Hide (and Shrink) Keywords - dummies

By Peter Kent

Another old (and very crude) trick for cheating search engine optimization is to hide text; that is, to hide it from the site visitor but make it visible to the search engine, allowing you to fill a simple page with keywords for the sake of search engine optimization. (Remember that search engines don’t want you to show them content that isn’t also visible to the site visitor.)

This trick, often combined with keyword stuffing, involves placing large amounts of text into a page and hiding it from view. For instance, this page was found in Google some time ago. It has hidden text at the bottom of the page.


If you suspect that someone has hidden text on a page, you can often make it visible by clicking inside text at the top of the page and dragging the mouse to the bottom of the page to highlight everything in between. You can also look in the page’s source code.

How did this designer make the text disappear? At the bottom of the source code (choose View→Source), is this:

<FONT SIZE=7 COLOR="#ffffff"><H6>glucosamine glucosamine glucosamine
glucosamine glucosamine emu oil emu oil emu oil kyolic kyolic kyolic
wakunaga wakunaga wakunaga</H6></FONT>

Notice the COLOR=#ffffff piece; #ffffff is hexadecimal color code for the color white. The page background is white, so — abracadabra — the text disappears.

Surprisingly, this trick is still employed now and then.

  • It may help. The trick actually can work, though not nearly as often as it used to.

  • It might not hurt. You still find pages using this trick, so clearly the search engines don’t always find it.

  • . . . but it might. But search engines do discover the trick, frequently, and may penalize your site for doing it. The page may get dropped from the index, or you may have your entire site dropped.

  • So why do it? It’s just way too risky . . . and unnecessary, too.

Here are some other tricks used for hiding text from the visitor while still making it visible to the search engine:

  • Placing text inside <NOFRAMES> tags: Some designers do this even if the page isn’t a frame-definition document.

  • Placing text inside <NOSCRIPT> tags: <NOSCRIPT></NOSCRIPT> tags are used to put text on a page that can be read by browsers that don’t work with JavaScript. Some site owners use them to give more text to the search engines to read, and the major search engines often do read this text, or at least they did a few years ago.

    However, the text inside these tags probably isn’t given as much weight as other text on a page, and over time will probably be given less and less weight.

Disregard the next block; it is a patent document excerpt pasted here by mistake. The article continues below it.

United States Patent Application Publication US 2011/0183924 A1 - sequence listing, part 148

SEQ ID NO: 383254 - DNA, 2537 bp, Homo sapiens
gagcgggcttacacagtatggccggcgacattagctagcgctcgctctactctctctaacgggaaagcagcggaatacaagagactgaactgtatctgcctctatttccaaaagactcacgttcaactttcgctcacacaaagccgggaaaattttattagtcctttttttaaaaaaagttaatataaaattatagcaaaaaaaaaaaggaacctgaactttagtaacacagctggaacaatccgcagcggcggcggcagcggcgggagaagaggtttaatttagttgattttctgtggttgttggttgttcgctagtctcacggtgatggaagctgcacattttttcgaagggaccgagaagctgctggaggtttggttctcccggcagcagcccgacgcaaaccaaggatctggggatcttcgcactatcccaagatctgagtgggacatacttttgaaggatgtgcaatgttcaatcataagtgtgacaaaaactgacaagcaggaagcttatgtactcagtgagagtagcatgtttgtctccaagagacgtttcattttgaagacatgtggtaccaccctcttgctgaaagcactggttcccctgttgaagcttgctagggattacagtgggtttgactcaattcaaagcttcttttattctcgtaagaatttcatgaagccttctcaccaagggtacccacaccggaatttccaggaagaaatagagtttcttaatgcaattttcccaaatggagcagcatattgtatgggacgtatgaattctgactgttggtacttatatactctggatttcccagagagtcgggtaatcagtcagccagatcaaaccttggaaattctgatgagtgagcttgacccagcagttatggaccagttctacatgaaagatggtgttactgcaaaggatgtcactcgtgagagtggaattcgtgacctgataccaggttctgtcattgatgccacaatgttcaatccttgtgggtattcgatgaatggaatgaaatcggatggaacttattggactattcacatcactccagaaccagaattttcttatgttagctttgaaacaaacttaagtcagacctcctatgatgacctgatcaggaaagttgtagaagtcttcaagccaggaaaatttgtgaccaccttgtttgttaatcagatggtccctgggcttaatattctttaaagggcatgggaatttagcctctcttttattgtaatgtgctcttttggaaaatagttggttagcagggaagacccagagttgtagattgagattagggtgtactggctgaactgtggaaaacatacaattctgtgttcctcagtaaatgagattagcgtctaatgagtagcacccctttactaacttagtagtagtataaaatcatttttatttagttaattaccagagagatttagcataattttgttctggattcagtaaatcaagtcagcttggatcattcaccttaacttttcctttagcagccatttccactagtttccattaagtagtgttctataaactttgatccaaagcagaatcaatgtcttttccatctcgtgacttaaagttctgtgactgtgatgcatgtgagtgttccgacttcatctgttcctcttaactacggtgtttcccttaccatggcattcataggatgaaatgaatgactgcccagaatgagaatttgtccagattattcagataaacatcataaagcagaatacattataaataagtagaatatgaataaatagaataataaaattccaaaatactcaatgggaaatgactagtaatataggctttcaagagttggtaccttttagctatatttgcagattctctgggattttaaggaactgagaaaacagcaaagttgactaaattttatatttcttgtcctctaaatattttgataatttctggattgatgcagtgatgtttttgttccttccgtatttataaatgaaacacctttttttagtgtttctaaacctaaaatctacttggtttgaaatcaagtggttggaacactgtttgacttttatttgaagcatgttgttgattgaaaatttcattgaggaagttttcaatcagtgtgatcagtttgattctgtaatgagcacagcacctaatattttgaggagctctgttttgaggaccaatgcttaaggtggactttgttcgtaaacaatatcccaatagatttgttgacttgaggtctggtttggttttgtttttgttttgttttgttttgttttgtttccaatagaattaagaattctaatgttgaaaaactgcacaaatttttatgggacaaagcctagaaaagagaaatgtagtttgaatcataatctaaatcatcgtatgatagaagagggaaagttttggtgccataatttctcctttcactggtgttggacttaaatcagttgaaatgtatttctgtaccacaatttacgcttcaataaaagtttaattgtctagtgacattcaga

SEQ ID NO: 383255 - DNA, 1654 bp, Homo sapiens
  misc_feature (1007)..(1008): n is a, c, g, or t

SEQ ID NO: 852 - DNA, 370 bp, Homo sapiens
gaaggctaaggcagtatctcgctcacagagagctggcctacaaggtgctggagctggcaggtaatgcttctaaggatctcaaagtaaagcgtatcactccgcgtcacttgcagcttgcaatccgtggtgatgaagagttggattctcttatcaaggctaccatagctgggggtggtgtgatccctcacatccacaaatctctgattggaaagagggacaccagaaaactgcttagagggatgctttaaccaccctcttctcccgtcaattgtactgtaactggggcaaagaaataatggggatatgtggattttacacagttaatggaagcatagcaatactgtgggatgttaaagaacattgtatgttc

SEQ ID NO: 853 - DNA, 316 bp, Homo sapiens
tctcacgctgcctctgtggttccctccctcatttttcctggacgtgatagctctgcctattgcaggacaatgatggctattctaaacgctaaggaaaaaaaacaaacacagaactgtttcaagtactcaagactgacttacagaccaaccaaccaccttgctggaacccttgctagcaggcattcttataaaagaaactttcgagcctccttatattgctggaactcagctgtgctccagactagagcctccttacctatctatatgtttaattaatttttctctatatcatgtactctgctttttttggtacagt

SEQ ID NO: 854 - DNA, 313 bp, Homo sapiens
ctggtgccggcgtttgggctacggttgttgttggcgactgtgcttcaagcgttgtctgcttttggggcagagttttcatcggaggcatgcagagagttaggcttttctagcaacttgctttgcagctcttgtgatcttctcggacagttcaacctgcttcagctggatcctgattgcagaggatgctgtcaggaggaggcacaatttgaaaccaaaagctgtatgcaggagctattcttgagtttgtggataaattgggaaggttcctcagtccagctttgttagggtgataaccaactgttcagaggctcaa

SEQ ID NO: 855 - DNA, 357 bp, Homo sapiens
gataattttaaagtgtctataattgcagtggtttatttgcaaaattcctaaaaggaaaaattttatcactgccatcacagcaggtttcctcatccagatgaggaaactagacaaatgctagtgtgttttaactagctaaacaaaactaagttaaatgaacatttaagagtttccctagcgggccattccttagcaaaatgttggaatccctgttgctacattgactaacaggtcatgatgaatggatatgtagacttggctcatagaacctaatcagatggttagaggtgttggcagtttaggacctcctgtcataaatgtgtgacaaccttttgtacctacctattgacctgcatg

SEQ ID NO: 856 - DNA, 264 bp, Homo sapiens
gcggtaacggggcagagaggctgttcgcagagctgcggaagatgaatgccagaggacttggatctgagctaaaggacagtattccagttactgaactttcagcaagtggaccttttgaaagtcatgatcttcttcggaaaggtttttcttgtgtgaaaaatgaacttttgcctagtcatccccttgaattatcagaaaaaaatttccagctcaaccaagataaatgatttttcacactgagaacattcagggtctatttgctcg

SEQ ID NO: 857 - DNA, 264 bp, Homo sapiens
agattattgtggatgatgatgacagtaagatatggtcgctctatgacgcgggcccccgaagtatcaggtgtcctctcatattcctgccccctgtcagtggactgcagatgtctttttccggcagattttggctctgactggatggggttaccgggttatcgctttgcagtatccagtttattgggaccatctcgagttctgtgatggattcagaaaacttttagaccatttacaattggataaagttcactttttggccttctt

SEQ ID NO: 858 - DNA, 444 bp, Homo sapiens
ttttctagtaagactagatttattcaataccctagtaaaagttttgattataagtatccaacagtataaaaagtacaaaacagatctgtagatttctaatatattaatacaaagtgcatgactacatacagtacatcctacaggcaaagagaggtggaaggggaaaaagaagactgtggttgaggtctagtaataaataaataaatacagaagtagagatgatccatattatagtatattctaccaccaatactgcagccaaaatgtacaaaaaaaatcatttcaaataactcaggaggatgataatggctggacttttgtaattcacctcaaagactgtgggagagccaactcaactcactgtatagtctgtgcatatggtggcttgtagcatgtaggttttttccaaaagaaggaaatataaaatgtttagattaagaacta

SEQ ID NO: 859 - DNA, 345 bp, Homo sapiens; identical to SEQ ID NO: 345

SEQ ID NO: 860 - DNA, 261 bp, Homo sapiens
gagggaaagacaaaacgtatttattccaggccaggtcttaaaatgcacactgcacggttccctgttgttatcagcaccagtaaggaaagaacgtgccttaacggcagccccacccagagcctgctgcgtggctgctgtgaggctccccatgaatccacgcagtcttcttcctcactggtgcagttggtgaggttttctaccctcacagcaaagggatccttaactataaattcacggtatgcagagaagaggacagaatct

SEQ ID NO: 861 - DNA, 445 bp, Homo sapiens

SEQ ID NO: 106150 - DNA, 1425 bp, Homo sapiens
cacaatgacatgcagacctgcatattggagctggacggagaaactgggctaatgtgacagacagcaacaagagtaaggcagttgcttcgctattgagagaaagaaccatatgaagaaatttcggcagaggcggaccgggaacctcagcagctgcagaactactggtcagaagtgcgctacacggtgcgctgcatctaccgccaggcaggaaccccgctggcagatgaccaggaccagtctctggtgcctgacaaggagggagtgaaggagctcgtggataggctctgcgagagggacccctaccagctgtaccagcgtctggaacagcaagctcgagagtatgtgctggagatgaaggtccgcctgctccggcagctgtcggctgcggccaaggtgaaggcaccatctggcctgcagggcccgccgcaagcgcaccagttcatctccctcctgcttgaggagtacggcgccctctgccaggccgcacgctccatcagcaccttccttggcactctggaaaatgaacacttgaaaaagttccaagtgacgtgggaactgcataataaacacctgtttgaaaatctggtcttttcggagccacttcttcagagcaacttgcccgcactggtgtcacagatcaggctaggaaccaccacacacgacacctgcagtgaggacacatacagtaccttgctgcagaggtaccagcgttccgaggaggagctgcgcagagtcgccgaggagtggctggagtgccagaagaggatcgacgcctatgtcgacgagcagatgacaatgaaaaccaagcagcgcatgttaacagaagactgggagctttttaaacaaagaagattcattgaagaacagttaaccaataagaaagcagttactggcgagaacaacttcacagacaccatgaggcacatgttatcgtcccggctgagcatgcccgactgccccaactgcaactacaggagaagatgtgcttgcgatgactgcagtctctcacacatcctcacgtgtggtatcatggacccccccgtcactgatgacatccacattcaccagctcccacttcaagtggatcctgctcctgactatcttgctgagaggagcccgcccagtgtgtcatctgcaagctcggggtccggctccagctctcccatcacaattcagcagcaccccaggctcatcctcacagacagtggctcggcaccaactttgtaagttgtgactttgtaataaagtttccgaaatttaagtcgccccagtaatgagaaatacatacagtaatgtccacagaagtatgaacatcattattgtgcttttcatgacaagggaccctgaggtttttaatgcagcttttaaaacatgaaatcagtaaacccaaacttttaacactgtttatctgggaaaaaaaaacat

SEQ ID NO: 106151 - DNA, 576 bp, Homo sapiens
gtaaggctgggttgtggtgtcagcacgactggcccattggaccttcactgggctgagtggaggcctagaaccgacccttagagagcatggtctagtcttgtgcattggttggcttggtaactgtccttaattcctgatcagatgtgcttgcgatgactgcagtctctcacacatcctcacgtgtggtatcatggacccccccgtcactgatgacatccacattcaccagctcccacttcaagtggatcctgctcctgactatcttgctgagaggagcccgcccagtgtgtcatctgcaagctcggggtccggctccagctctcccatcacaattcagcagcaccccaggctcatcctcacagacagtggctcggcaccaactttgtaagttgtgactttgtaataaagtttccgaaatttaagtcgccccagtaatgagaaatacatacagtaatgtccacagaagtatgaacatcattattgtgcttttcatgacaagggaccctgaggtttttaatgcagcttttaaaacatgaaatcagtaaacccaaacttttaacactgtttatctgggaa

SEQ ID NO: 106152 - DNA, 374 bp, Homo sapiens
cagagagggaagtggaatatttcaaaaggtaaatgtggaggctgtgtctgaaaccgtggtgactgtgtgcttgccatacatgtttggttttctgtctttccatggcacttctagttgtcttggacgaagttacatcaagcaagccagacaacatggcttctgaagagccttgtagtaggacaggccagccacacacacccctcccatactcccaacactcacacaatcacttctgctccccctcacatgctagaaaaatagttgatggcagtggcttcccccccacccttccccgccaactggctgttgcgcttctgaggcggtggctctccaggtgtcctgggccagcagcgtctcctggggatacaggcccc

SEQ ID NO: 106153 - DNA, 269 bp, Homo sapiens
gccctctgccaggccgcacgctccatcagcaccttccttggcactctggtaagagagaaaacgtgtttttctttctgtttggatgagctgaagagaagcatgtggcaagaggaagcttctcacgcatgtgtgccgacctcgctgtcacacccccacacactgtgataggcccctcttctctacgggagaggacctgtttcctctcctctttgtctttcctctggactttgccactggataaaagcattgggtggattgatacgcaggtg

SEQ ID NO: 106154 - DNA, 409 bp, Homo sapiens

• Using hidden fields: Sometimes designers hide words in a form’s hidden field (<INPUT TYPE=HIDDEN>).

  • Using hidden layers: Style sheets can be used to position a text layer underneath the visible layer or outside the browser. This trick is quite common and probably hard for search engines to figure out.

Some web designers still stuff keywords into a page by using a very small font size. This trick is another one that search engines may look for and penalize.

Here’s another variation: Some web designers make the text color just a little different from the background color to make it hard for the browser to catch. However, the text remains invisible, especially if it’s at the bottom of the page preceded by several blank lines. Search engines can look for ranges of colors to determine whether this trick is being employed.

And remember, it’s not just the search engines looking, it’s your competitors, too. They might just report you.

A variation on the old hidden-text trick is to hide links. Links provide important clues to search engines about the site’s purpose. They also provide a way for search engines to discover pages. Thus, some web designers create links that are specifically for search engines to find but are not intended for site visitors.

Links can be made to look exactly like all the other text on a page or may even be hidden on punctuation marks — visitors are unlikely to click a link on a period, so the link can be made “invisible,” allowing a search engine to discover a page that the site visitor will never see.

Links may be placed in transparent images or invisible layers, in small images, or in <NOFRAMES><NOSCRIPT> tags or may be hidden in any of the ways discussed previously for hiding ordinary text.

But, what’s the point? There are so many legitimate things you can do in SEO, why bother with something like this?